'magnifying glass' photo (c) 2005, Tall Chris - license: http://creativecommons.org/licenses/by/2.0/

I often write about research studies from various fields and how they can be applied to the classroom. I write individual posts about ones that I think are especially significant, and will continue to do so. However, so many studies are published that it’s hard to keep up. So I’ve started writing a “round-up” of some of them each week or every other week as a regular feature.

By the way, you might also be interested in My Best Posts On New Research Studies In 2017 – Part Two.

Here are some new useful studies (and related resources):

Starting to think about tracking is from Teaching With Problems. It’s not a new study. However, it’s a good summary of the existing research. I’m adding it to The Best Resources For Learning About Ability Grouping & Tracking — Help Me Find More.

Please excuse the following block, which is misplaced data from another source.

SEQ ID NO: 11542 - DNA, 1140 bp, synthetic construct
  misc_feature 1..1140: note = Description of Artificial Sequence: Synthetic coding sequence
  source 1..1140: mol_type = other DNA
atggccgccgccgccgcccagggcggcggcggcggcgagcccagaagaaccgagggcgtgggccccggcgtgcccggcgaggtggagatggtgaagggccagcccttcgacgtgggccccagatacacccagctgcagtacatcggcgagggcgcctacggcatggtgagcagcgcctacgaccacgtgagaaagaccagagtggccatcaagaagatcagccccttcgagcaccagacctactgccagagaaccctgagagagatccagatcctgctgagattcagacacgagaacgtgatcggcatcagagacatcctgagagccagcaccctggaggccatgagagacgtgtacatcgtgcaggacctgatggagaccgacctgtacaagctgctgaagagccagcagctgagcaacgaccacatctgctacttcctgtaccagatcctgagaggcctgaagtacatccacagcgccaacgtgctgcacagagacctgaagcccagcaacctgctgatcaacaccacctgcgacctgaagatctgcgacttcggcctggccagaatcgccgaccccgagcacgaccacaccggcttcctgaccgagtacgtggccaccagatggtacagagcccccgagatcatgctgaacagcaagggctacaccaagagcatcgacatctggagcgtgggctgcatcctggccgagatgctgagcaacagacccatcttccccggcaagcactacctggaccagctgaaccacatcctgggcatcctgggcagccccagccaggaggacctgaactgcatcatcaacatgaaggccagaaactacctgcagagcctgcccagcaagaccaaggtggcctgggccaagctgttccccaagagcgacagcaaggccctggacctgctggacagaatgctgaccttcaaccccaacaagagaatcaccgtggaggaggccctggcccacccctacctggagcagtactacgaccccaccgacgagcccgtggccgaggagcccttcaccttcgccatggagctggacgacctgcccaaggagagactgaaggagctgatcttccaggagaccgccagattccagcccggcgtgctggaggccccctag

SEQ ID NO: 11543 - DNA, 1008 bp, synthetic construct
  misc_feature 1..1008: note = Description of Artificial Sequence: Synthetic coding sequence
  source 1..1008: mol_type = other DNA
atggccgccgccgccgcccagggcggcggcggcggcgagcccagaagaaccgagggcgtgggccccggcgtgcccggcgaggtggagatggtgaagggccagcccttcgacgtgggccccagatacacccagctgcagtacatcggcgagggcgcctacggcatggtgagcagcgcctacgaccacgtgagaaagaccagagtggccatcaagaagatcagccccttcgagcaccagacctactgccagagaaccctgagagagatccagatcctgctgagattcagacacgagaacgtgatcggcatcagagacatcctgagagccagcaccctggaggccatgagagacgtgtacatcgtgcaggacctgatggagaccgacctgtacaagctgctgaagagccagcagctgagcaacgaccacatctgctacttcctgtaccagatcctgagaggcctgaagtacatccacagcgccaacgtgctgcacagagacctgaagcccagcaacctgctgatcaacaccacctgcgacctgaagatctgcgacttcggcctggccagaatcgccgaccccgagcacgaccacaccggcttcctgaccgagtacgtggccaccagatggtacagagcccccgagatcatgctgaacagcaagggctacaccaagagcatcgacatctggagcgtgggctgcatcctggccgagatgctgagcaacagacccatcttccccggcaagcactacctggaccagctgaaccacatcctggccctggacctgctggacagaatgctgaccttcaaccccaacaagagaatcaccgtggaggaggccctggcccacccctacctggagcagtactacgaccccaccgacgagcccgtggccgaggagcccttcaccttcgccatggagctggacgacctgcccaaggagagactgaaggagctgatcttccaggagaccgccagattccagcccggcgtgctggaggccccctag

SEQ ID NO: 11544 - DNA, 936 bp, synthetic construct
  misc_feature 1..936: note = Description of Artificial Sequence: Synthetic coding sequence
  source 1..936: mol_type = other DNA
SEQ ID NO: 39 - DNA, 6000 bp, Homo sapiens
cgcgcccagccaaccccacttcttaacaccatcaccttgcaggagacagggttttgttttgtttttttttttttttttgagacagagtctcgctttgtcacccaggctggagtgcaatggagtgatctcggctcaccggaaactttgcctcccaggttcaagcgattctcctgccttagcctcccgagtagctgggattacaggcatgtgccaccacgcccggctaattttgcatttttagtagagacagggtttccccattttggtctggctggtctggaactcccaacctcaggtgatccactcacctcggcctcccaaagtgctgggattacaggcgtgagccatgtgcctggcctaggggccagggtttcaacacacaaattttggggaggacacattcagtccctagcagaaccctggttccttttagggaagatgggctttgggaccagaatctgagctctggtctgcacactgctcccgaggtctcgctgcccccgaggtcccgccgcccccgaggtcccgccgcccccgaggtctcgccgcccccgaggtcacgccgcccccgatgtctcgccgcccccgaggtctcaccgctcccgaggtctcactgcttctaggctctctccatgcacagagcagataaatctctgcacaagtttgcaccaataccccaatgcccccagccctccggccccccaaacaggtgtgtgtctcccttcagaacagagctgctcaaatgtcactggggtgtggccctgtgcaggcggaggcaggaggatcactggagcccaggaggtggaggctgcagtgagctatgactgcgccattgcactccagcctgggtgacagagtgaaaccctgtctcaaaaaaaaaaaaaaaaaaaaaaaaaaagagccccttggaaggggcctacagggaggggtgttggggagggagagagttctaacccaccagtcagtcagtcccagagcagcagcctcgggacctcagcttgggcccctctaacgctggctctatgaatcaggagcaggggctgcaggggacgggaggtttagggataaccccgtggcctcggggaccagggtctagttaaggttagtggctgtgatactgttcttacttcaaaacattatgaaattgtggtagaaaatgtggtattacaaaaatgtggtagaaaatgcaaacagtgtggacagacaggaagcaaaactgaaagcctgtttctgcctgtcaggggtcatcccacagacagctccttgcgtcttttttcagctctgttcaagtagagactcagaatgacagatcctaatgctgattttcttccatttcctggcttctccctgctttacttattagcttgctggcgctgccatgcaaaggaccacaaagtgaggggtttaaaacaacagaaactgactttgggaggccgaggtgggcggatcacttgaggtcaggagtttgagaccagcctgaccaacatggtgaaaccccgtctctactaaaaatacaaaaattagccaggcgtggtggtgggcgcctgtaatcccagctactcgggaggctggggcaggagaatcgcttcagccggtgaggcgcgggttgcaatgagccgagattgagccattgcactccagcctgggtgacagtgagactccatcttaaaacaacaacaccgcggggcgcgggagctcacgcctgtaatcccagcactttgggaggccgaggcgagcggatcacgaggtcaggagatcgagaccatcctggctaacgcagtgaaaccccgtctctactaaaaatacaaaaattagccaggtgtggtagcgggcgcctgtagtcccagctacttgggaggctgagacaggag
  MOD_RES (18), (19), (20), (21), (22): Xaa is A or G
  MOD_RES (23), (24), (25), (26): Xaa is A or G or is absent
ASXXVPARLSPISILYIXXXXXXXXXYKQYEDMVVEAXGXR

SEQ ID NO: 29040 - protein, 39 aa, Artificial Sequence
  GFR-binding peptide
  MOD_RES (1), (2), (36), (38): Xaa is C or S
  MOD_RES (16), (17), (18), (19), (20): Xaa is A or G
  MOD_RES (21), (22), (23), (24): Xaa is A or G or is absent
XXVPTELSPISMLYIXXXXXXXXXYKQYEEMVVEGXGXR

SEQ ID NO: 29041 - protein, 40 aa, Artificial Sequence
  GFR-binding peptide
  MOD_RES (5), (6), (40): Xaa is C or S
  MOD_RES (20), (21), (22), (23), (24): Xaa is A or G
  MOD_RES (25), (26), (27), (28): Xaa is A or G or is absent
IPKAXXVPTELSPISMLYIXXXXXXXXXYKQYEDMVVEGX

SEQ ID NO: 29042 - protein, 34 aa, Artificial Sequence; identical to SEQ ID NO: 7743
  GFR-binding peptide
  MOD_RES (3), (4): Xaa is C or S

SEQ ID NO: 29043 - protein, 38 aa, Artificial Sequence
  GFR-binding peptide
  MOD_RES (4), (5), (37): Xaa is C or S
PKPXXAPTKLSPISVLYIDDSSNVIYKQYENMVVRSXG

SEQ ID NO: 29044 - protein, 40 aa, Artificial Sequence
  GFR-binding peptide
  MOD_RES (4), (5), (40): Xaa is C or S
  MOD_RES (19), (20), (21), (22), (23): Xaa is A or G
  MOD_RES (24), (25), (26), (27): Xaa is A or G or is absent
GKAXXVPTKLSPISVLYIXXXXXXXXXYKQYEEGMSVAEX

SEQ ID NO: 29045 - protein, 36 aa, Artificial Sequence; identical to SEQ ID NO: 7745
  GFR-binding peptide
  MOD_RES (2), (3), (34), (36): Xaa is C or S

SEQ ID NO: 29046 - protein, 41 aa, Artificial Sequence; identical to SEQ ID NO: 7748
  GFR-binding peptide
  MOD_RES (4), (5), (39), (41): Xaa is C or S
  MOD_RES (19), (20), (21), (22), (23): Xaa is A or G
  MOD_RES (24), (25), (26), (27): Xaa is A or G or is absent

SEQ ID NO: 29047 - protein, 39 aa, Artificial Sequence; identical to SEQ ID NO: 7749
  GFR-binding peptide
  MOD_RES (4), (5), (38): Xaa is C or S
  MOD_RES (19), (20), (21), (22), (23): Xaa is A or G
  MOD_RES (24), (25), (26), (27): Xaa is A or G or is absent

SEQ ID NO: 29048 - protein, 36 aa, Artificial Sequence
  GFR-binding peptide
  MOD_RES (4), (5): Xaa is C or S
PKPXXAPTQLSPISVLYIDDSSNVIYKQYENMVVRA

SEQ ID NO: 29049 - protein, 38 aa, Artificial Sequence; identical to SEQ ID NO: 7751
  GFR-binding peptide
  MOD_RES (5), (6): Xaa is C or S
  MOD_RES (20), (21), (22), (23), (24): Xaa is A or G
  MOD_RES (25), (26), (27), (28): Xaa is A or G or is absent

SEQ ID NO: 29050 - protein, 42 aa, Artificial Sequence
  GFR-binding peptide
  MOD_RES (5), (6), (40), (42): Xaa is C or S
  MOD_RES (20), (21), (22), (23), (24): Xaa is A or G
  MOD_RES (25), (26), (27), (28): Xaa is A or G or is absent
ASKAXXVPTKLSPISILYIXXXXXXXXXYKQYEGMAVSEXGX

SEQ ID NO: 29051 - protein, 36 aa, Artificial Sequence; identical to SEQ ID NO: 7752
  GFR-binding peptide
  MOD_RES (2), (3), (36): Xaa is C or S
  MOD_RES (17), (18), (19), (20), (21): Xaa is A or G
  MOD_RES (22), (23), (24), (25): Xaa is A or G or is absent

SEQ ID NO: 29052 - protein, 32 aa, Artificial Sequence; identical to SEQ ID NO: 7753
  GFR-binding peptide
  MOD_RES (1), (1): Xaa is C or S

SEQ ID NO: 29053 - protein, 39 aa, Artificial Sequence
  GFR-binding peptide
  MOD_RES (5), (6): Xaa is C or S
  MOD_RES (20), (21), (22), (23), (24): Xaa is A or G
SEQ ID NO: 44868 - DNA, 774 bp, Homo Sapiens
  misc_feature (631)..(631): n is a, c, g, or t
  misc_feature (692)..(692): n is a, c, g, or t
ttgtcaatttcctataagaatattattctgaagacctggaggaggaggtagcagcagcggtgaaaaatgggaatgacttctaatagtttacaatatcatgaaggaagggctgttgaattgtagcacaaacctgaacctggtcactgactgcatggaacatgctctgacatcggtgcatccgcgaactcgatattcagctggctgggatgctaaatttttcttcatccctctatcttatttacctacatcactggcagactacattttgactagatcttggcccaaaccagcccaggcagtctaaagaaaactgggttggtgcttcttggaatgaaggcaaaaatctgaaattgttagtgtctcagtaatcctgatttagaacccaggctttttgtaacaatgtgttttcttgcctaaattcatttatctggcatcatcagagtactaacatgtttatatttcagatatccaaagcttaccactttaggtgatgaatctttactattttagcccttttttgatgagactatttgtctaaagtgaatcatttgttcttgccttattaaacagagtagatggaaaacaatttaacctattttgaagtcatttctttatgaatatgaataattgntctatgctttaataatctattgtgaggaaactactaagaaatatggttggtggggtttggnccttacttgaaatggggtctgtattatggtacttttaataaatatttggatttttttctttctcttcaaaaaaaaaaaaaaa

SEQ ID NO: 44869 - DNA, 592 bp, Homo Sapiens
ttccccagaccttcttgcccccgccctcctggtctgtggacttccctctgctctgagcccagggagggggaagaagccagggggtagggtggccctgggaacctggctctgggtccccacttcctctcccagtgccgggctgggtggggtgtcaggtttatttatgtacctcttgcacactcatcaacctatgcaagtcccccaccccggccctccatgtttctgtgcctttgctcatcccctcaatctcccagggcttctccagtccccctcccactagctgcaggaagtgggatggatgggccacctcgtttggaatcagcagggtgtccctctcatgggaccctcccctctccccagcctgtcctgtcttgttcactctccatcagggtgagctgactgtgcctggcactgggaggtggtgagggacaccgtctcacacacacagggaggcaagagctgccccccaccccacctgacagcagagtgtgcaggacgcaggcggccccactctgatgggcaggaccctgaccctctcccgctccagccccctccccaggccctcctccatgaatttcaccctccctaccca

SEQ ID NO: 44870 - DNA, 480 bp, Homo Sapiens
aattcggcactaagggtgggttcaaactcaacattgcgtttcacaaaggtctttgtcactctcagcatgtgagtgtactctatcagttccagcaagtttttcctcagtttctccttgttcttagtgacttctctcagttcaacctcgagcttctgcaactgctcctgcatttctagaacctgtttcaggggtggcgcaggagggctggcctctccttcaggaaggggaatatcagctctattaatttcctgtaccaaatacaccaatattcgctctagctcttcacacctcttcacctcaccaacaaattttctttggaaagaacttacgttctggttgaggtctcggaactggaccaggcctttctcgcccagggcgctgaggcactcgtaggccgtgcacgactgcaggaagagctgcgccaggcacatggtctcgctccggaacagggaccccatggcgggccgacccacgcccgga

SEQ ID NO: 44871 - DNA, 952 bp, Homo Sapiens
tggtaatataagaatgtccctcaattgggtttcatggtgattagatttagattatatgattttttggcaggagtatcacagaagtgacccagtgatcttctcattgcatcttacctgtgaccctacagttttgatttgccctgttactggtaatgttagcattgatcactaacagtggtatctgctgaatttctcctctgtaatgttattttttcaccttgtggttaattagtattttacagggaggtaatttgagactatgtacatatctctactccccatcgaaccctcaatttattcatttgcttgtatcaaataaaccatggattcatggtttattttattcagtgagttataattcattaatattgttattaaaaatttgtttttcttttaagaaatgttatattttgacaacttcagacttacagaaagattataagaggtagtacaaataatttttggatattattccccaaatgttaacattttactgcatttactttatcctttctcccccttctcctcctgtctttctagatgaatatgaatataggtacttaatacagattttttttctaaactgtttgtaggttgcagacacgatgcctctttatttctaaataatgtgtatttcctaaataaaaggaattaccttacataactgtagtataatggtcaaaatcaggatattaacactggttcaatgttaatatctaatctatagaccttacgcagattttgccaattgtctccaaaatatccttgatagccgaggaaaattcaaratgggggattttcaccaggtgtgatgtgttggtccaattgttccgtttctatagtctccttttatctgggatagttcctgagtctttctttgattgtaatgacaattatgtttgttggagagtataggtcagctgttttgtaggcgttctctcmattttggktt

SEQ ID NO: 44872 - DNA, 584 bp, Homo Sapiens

Learning by teaching others is extremely effective – a new study tested a key reason why is from Research Digest. I’m adding it to The Best Posts On Helping Students Teach Their Classmates — Help Me Find More.

The Myth of ‘Learning Styles’ is from The Atlantic. I’m adding it to The Best Resources For Learning About The Issue Of “Learning Styles”

Big surprise, eh? Students Learn Less When They Sense Teacher Hostility is from Ed Week. I’m adding it to The Best Resources On The Importance Of Building Positive Relationships With Students.